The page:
“You can make liver. You can make pancreas. You can make bone. Therefore you can make neuro cells. You can make heart cells,” said Dr. Robert Carpenter
Yes, he said make a liver make a heart. From what? Stem cells from your teeth.
“We recently discovered that adult stem cells that don’t have the controversy related to it like embryonic cells have the ability to regenerate and treat a number of illnesses and injuries,” Carpenter said.
Stem cells are being studied to affect other disease like diabetes, kidney problems; liver problems even Parkinson’s disease. It’s in human clinical trials, and
Using two distinct methods, Whitehead Institute researchers have successfully and consistently manipulated targeted genes in both human embryonic stem (ES) cells and induced pluripotent stem (iPS) cells (adult cells that have been reprogrammed to an embryonic stem cell-like state).
In one case, scientists employed proteins known as zinc finger nucleases (ZFNs) to change a single base pair in the genome, allowing them either to insert or remove mutations known to cause early-onset Parkinson’s disease (PD). The second method relies on proteins called transcription activator like effector nucleases (TALENs) capable of altering specific genes with similar efficiency and precision as ZFNs.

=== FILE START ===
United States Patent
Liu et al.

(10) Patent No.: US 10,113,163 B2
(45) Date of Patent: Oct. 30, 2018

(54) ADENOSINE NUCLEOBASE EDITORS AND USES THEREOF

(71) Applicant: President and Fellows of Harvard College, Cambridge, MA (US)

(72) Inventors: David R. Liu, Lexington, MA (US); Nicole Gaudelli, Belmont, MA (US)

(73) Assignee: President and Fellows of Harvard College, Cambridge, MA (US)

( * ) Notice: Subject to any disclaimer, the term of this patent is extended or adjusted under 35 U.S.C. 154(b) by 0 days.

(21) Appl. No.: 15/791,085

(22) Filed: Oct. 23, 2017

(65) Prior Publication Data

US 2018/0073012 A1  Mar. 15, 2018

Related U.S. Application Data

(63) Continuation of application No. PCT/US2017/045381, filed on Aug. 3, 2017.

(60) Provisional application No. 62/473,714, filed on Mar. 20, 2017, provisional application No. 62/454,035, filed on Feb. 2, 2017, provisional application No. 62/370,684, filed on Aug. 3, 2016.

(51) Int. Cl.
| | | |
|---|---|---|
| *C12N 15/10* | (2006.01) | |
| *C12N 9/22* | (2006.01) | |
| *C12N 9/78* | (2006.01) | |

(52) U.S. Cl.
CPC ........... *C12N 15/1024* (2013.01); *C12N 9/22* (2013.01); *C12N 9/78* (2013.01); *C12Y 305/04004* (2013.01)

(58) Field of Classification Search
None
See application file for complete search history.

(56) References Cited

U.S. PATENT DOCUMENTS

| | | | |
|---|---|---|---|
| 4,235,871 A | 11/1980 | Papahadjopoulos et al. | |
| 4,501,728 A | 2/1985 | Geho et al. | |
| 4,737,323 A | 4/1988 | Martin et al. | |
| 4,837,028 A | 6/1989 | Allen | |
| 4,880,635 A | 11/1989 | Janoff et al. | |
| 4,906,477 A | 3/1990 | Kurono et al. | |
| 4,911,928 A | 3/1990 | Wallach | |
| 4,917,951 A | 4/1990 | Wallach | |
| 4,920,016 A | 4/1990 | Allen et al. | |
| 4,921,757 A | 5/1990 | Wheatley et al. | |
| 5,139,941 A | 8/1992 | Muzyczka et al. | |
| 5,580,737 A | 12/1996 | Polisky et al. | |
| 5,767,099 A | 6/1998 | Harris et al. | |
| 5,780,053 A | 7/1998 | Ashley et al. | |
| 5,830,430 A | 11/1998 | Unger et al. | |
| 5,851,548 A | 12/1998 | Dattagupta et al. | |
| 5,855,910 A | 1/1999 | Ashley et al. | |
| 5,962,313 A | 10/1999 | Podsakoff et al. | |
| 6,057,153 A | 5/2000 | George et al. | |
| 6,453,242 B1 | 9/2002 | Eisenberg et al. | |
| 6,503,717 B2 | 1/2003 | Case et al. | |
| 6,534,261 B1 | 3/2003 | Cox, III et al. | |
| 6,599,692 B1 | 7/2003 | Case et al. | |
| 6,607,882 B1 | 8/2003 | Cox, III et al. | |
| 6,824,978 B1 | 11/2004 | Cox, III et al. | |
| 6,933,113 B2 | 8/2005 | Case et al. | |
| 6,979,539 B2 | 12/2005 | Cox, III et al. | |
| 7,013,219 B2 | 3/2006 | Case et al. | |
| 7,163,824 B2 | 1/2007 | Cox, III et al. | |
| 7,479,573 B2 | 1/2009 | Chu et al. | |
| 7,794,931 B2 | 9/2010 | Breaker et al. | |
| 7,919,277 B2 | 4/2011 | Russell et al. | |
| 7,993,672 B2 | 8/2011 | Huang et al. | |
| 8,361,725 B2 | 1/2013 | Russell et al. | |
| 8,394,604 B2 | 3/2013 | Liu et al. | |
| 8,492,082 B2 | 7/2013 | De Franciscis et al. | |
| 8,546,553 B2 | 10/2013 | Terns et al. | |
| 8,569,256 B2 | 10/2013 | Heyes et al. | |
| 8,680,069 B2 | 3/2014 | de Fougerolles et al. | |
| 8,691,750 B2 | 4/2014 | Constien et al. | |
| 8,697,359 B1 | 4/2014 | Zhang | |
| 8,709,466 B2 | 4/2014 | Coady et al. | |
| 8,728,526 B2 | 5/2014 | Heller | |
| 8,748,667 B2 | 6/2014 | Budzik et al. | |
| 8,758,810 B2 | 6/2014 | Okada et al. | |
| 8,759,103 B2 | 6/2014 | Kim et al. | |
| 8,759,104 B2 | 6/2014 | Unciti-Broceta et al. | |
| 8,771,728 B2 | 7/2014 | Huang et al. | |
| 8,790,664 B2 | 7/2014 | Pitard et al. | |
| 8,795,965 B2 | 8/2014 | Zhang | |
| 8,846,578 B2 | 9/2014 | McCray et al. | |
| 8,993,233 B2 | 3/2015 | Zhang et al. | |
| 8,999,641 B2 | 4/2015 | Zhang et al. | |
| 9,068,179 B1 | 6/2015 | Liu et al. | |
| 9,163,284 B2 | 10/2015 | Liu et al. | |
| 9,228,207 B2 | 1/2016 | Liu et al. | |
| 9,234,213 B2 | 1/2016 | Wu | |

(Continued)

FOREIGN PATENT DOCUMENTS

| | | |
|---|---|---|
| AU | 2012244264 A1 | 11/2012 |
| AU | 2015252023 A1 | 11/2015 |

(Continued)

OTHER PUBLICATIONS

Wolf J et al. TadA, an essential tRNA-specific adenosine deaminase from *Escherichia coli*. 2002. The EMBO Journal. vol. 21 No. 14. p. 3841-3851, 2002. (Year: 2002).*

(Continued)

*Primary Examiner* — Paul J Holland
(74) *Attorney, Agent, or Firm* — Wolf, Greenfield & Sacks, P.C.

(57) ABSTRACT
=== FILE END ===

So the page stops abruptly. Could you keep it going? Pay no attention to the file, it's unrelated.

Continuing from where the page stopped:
The flattening of the world’s economy has spawned a new trend in the local medical-tourism industry: Foreigners are starting to come to the Philippines because of the country’s ever-growing availability of cheap but reliable regenerative or stem-cell treatments.
Dr. Samuel Bernal, consultant on regenerative medicine for the Medical City, said some hospitals in the Philippines are starting to gain vigor in stem-cell treatments. Patients treated last year reached over 100 in number.
“Ours [Philippines] is cheaper compared to other developed and developing nations,” Bernal told the BusinessMirror in a phone interview on Monday after a briefing with the media on “Bioregenerative
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Scientists in Melbourne for the first time have created a human stem cell reserve in Australia using a technique that avoids destroying embryos, which was developed in Japan and the United States.
The team from the Monash medical research institute produced an induced pluripotent stem cell line (IpS) that acts like embryonic stem cells, but are derived from adult skin cells. The method used to reprogram adult stem cells developed last year in Japan and the United States allows for the production of IpSs, which are used to study degenerative diseases like Parkinson’s without having to deal
A new biomaterial that enhances the ability of stem cells to regenerate into nerves and body parts has been developed by Australian and British scientists.
The work was a result of a joint study undertaken by the researchers at the Melbourne-based Monash University and UK-based University of Warwick.
Other biomedical “scaffold” materials, which act as templates for tissue regeneration, already exist but they cannot communicate effectively with the cells they are trying to influence.
The researchers have created a more advanced material that targets specific cells and provides clear signals to these cells to enhance regeneration.